Presentations and panels from industry participants and Lyra analysts moved us into the enormous and lucrative supplies segment of our business. The discussions followed a similar agenda to Lyras's August event, which seemed cram-packed as a day-long endeavor, so today's couple-of-hours-long agenda was really a lot to take in! The presentations included “Keynote: The Way Forward—Legal Perspectives on the Digital Imaging Consumables Industry”, from Edward O'Connor, Esq., Partner, Trial Division, The Eclipse Group; “Color and Cost Performance: Forecasting Toner Market Trends”, by Cortney Kasuba, Research Analyst, Lyra Research; “Beyond the Laser Bias: Inkjet Market Trends and Forecasts”, presented by Andy Lippman, also a Research Analyst with Lyra; “Changing Channels: The Supplies Distributor Perspective”, by Scott Zahl, Vice President of Vendor Management, Ingram Micro; and “The Hard Copy Supplies Journal Top Trends & Panel Discussion”, with Moderator Charles Brewer, Managing Editor, The Hard Copy Supplies Journal, Lyra Research; Rob Leonard, President, Leonard Consulting Group; Liz Leung, Director of Consumer Supplies, Epson America; and Brad Roderick, Executive Vice President, LaserCycle/InkCycle.

As we entered into the final afternoon and the home stretch, first speaker under the banner of Consumer Imaging and Digital Photography with a great presentation titled “Recent Technology Challenges in Digital Photographic Print Quality”, Catherine Fiasconaro, Vice President, Operations and Director, SpencerLab Digital Color Laboratory, tracked her well-known company’s marketing research studies probing consumers digital photo printing perceptions and habits. One of her conclusions I found very compelling and consistent with my own patterns was a shift from preferring AgX (aka Silver Halide) prints, to accepting and believing that home inkjet print quality could actually exceed that of the traditional method, to still believing it but not wanting the bother of home printing of anything but a small number of prints.

Then Steve Hoffenberg, Director, Consumer Imaging Research, Lyra Research, presented "Beyond Photo Output: Anticipating Opportunities in the Evolving Photo Culture", which offered two revenue and profit paths for the photo printing business – photo books that I’ve also covered in this blog in numerous posts, and the "Long Tail" approach to myriad specialty products that are custom-imprinted with customers’ digital images.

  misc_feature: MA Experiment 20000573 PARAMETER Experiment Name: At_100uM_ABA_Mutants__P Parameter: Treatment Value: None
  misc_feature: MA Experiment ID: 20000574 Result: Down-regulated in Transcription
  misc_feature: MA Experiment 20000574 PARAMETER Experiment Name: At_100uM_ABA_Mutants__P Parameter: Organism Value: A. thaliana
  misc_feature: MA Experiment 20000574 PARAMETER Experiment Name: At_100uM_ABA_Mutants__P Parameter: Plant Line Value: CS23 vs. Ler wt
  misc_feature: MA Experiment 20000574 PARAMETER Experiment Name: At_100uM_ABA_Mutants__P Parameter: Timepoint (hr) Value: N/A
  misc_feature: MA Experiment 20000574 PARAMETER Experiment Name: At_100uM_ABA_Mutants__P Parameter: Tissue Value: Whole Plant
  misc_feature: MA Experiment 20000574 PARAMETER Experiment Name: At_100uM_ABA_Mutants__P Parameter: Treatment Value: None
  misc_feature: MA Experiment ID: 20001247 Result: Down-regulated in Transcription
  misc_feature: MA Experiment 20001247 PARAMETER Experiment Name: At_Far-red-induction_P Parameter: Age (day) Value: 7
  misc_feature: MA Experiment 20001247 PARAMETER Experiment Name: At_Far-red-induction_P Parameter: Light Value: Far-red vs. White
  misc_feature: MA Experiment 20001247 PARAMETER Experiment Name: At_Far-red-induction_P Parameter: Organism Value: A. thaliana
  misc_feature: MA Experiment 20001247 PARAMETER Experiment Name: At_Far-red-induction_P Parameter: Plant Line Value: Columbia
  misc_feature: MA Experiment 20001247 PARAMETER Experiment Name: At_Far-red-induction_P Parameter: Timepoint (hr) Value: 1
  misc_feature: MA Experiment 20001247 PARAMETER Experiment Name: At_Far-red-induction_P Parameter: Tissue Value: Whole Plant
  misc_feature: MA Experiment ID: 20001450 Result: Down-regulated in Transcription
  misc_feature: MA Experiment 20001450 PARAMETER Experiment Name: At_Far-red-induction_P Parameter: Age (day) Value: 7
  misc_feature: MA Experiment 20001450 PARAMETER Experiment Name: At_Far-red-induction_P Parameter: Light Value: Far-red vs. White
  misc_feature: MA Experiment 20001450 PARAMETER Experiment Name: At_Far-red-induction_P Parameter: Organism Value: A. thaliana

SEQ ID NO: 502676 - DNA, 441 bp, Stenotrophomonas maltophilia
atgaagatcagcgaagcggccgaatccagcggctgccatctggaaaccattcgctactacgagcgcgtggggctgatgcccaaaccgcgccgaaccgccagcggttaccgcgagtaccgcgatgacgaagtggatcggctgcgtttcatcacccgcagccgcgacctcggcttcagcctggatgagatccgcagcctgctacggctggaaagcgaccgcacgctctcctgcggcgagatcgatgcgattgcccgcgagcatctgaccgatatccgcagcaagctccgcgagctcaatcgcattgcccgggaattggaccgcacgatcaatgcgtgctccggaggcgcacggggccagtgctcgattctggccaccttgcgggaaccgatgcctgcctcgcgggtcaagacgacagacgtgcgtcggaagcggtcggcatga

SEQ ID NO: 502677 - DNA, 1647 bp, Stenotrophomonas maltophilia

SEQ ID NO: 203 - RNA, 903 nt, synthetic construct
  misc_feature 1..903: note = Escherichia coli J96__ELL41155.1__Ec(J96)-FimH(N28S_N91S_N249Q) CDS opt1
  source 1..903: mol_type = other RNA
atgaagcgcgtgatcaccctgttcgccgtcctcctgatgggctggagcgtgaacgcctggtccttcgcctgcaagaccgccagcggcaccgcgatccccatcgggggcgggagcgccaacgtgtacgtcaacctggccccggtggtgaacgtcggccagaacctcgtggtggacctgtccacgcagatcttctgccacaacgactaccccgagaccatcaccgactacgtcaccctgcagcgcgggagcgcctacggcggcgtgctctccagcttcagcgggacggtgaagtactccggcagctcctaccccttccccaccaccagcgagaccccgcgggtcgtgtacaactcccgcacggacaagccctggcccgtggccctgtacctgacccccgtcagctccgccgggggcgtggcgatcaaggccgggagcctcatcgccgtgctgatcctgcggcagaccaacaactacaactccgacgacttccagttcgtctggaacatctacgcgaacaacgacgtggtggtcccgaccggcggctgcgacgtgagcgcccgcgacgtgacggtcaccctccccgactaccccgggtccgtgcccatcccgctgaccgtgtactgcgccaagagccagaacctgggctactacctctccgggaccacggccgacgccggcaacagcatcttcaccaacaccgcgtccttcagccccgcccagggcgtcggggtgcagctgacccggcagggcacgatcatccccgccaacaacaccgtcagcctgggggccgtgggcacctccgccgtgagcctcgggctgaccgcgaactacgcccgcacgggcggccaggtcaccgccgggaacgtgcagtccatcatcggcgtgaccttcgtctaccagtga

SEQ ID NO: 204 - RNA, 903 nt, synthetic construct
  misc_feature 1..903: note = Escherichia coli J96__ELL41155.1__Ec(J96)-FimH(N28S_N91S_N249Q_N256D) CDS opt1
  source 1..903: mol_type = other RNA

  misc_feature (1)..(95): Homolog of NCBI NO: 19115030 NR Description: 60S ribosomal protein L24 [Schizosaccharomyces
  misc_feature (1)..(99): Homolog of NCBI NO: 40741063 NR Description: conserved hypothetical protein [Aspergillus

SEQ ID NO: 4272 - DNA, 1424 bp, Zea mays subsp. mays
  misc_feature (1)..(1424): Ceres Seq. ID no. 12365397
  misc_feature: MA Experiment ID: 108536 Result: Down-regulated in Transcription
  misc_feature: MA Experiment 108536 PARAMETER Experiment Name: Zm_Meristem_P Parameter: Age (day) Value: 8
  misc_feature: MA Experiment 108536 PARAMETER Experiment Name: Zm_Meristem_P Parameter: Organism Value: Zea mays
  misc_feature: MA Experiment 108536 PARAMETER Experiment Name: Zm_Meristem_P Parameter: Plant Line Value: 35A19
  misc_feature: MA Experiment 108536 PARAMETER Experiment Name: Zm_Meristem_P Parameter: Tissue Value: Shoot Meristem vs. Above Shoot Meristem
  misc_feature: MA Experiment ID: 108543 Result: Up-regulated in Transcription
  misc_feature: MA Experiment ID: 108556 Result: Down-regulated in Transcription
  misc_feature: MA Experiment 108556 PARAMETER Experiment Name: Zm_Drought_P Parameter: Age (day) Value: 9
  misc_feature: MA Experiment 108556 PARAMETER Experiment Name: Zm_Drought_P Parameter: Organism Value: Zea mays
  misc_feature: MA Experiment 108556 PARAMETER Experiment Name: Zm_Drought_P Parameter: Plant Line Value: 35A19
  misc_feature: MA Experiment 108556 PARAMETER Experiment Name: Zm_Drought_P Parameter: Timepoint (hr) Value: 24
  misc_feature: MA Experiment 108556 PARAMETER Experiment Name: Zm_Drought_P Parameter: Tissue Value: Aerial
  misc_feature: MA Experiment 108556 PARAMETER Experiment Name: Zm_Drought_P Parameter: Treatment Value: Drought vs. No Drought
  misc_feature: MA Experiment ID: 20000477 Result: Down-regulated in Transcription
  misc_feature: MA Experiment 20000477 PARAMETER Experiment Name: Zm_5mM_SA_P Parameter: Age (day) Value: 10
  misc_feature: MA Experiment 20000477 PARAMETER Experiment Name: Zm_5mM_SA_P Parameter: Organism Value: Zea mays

Steve then moderated an interesting panel from industry participants in those two areas, including Tomasz Johannsen, Director, Product Management, EZ Prints; Graham McFarland, President and CEO, ExpressDigital; and Chad Richard, Chief Executive Officer, Simple Star.

Larry Jamieson, Director, Hard Copy Industry Advisory Service for Lyra, presented his Home Printing recap, this year named “Consumer and SOHO Printing in an iPhone World”, and he was even gracious enough to use my iPhone printing anecdote (see "2007 in Review: iPhone Printing") in his opening, and offered a trend showing survey data revealing a down-turn in the home printer-to-PC ratio.

The final module of the Symposium was “Green” oriented, with the keynote, “The Greening of the Printing Industry” by Michael Hoffmann, Senior Vice President, with the (NYSE HPQ) Imaging and Printing Group’s (IPG) Supplies organization.

In stressing the importance of Green issues to HP’s customers, Hoffmann quoted a figure of 80% of Enterprise IT RFQs received in recent times include environmental considerations. He spoke to numerous initiatives especially around energy savings, both in terms of their products’ power consumption, as well as energy used by HP’s sprawling operations that surround the globe. HP is also touting decreased waste initiatives, with actions as basic as making duplex printing easier, but also promoting more efficient printing from the web (see “. Product recycling is big with HP and has been for decades, though with increasing emphasis – see today’s announcement about their conversion to manufacturing inkjet cartridges with recycled plastic. (See announcement.) Hoffmann closed with a compelling industry call to action, that will be posted here when I get the exact text.

Lyra Founder Charles LeCompte offered his view of the importance of Green issues in ” Cradle to Grave: Lyra's Whole-View Environmental Impact Analysis of the Digital Imaging Industry” with a very interesting and bold presentation of the environmental “opportunity” facing our industry. Like his “Year 2000” presentation I wrote about (see "Observations: In the Year 2000...") earliler this month, LeCompte suggested some industry steps including following Hoffmann’s Call to Action or something like it.

The day and the conference closed out with the “Wall Street Watch, Round 2” panel, moderated by LeCompte and including Shannon Cross, Principal, Cross Research, and Bill Fearnley, Jr., Managing Director, PC and Enterprise Hardware, FTN Midwest Securities Corporation, and Steve Reynolds, Lyra Analyst. Kodak (who had just announced earnings earlier in the day) HP, Dell, and others were fair game during this, again, wide-ranging discussion, and the remaining audience greatly appreciated the participation of Cross and Fearnley, who with all the earnings announcements, Fed moves, etc, of the last days were seriously and admittedly a bit sleep-deprived!

Commercial and Production Printing -- Drupa, TransPromo, and the new Xerox look

Live from the 2008 Lyra Imaging Symposium in Rancho Mirage CA

Day Two's opening session covered commercial and production printing and included the following presos: “Re-Defining the Production Printing Solutions Value Proposition—Versatility, Reliability and Cost-Effectiveness” by Tom Wetjen, Vice President, Worldwide Graphic Communications Industry, Xerox Corporation; “Customizing the Customer Relationship: Online On-Demand Digital Printing Innovations”, presented by Scott Baker, Vice President Worldwide Business Development, GMC Software AG; “High-Speed, High-Volume: The Fast and the Furious in Production Printing” by Steve Reynolds, Senior Analyst, Lyra Research; and “The Future of Wide Format and Super Wide”, from Tom Baratz, Industry Consultant, Lyra Research.